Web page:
Music Reviews

Babe the Blue Ox

The Way We Were

RCA

I had intended on marrying Babe bassist/vocalist Rosalee Thomson – she being from Minneapolis and my mom being from Minneapolis and all – but she just couldn’t quite commit. That, and the fact that I never actually did propose. Instead, like a geek, I’d stand in the middle of the Cow Haus “dance floor” and stare and marvel at the work of her band. Our love held up well enough from a distance.

A slightly funkier, less quirky version of Glass Eye, Babe the Blue Ox play power pop the way it ought to be played: with a lot of bottom to complement all that sweet melody. But after three indie releases on Homestead Records, they signed a major-label deal with RCA and promptly softened their sound on their debut release in 1996, People. Maybe it’s just a matter of getting used to the new style, but on The Way We Were, the major-label Babe definitely have some charm – even if bassist Rose Thomson and drummer Hanna Fox surrender most of the singing chores to Tim Thomas. Thomas definitely has a way about him, sometimes speaking in a snarl instead of pure singing while chugging along Thomson and Fox’s P-Funkworthy rhythm section.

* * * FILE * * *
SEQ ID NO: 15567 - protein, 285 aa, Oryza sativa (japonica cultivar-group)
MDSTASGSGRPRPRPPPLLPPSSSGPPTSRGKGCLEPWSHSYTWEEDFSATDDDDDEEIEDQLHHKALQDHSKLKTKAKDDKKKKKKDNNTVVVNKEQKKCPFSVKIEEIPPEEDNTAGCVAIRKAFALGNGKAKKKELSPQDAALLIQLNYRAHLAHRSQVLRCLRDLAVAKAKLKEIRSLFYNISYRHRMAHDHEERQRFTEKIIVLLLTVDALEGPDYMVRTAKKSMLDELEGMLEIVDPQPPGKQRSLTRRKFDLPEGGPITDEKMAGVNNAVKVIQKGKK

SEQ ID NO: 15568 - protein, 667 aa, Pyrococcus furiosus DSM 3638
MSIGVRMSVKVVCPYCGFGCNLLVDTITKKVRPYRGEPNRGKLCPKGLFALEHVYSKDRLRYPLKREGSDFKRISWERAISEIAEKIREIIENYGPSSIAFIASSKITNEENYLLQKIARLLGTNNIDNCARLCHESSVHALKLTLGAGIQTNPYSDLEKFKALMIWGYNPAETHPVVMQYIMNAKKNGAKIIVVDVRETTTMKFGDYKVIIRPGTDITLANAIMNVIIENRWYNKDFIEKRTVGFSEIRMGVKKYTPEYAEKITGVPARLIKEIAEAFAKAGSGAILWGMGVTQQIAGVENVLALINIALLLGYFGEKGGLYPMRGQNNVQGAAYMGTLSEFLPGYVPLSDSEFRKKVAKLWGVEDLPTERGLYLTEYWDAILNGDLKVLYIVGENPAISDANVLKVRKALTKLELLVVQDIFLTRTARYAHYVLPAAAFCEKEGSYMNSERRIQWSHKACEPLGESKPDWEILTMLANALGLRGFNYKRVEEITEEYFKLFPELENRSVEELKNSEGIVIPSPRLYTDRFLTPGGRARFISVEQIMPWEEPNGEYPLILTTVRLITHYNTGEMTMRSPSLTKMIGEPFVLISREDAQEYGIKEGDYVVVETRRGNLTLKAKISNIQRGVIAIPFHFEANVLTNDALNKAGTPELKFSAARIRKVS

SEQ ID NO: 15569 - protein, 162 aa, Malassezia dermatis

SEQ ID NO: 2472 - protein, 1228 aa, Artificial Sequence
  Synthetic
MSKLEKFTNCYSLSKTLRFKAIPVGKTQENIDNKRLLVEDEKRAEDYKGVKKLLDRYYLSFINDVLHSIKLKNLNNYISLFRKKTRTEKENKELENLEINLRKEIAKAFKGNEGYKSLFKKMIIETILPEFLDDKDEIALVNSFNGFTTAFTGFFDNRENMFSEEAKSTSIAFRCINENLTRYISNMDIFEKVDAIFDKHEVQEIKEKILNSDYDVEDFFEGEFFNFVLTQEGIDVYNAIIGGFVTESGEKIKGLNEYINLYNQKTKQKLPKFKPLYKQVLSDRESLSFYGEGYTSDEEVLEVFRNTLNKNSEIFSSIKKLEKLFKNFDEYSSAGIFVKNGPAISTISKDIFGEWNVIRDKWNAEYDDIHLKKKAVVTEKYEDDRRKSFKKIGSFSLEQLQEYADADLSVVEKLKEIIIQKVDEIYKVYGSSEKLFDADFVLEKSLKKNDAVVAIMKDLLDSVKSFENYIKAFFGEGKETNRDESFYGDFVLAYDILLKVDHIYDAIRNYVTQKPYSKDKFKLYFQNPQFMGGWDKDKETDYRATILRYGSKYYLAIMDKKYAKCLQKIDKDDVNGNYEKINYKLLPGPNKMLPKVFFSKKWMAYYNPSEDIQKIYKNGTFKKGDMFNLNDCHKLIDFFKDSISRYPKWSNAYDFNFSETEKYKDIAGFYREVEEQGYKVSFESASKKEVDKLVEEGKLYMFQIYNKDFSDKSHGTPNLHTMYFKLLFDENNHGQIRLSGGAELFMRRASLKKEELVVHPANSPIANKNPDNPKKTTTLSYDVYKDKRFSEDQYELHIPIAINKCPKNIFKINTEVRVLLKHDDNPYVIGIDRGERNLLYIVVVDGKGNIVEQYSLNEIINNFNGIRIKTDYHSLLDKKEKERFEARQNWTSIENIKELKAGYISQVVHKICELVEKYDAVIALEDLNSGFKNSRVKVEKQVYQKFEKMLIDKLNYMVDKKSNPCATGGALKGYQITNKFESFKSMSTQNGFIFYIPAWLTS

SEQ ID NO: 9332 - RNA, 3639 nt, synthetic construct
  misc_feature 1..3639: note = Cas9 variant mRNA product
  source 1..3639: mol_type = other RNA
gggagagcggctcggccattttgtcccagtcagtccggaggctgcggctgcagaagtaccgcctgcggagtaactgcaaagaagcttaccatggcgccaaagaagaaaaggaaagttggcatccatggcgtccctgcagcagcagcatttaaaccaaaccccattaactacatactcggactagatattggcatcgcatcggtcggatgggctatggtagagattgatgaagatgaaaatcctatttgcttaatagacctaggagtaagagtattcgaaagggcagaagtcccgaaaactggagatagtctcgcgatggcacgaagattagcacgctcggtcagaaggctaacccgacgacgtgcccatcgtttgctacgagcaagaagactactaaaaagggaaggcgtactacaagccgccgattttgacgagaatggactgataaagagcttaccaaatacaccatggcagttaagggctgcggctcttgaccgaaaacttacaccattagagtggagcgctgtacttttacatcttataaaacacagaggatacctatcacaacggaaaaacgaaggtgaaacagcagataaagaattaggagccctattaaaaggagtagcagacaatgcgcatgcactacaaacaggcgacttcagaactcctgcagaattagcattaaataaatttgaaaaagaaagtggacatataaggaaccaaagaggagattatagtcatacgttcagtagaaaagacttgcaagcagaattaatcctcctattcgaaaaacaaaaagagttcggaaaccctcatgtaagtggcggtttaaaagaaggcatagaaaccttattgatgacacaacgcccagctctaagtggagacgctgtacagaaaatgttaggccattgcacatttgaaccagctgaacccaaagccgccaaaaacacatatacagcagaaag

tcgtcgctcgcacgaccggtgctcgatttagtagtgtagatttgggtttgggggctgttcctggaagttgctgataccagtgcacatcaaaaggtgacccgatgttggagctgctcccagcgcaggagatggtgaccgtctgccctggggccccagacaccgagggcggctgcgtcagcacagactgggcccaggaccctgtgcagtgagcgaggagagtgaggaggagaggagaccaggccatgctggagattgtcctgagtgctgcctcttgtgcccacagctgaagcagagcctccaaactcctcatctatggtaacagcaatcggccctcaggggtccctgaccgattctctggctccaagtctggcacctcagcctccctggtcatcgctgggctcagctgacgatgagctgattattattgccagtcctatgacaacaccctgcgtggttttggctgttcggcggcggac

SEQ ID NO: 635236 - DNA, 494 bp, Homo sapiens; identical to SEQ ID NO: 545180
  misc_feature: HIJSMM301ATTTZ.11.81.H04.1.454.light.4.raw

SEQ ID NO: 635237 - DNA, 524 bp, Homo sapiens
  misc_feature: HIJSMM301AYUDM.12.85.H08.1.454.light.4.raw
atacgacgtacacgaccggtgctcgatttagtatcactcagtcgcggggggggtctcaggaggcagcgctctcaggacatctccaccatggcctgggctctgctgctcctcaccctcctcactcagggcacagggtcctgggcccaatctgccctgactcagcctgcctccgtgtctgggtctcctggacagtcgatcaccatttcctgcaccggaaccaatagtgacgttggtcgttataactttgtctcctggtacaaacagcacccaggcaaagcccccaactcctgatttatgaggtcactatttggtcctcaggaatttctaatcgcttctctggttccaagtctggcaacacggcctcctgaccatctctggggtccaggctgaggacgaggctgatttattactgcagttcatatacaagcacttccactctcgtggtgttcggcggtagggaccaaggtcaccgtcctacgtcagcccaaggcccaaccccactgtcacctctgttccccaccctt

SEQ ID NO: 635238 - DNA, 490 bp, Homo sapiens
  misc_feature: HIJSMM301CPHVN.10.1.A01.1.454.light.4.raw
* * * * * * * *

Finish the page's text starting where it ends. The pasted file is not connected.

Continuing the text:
The album reaches a majestic peak on “T.G.I.F.U.,” a dig on restaurant chains, which shows Babe hitting on all levels: those funky bass and drums kicking in while Thomas, instead of finding on Route 66, realizes: “Every city I got lost in, Charlotte, Boston, even Austin/ Has a four-lane boulevard with the same damn grill and bar/ Every meal will be familiar/Rest assured… “ Then a jangling guitar and lush harmony kick in as everyone chants, “And when you take that long drive/ How nice when you arrive/ To find the same signs.”

But Babe never seem content with one guitar piece, and the song kicks back into a syncopated romp that is their trademark. Thomson gets her shining moment on “Monday After,” with her cooing, “Here’s to the miracle of your lips… “ I wish I could recite the rest of the lyrics, but I keep swooning after that opening phrase.

Maybe a little more lush than funky, Babe the Blue Ox haven’t lost anything, but made allowable tweaks on their sound. They’re still heavy, just a sweeter beast.


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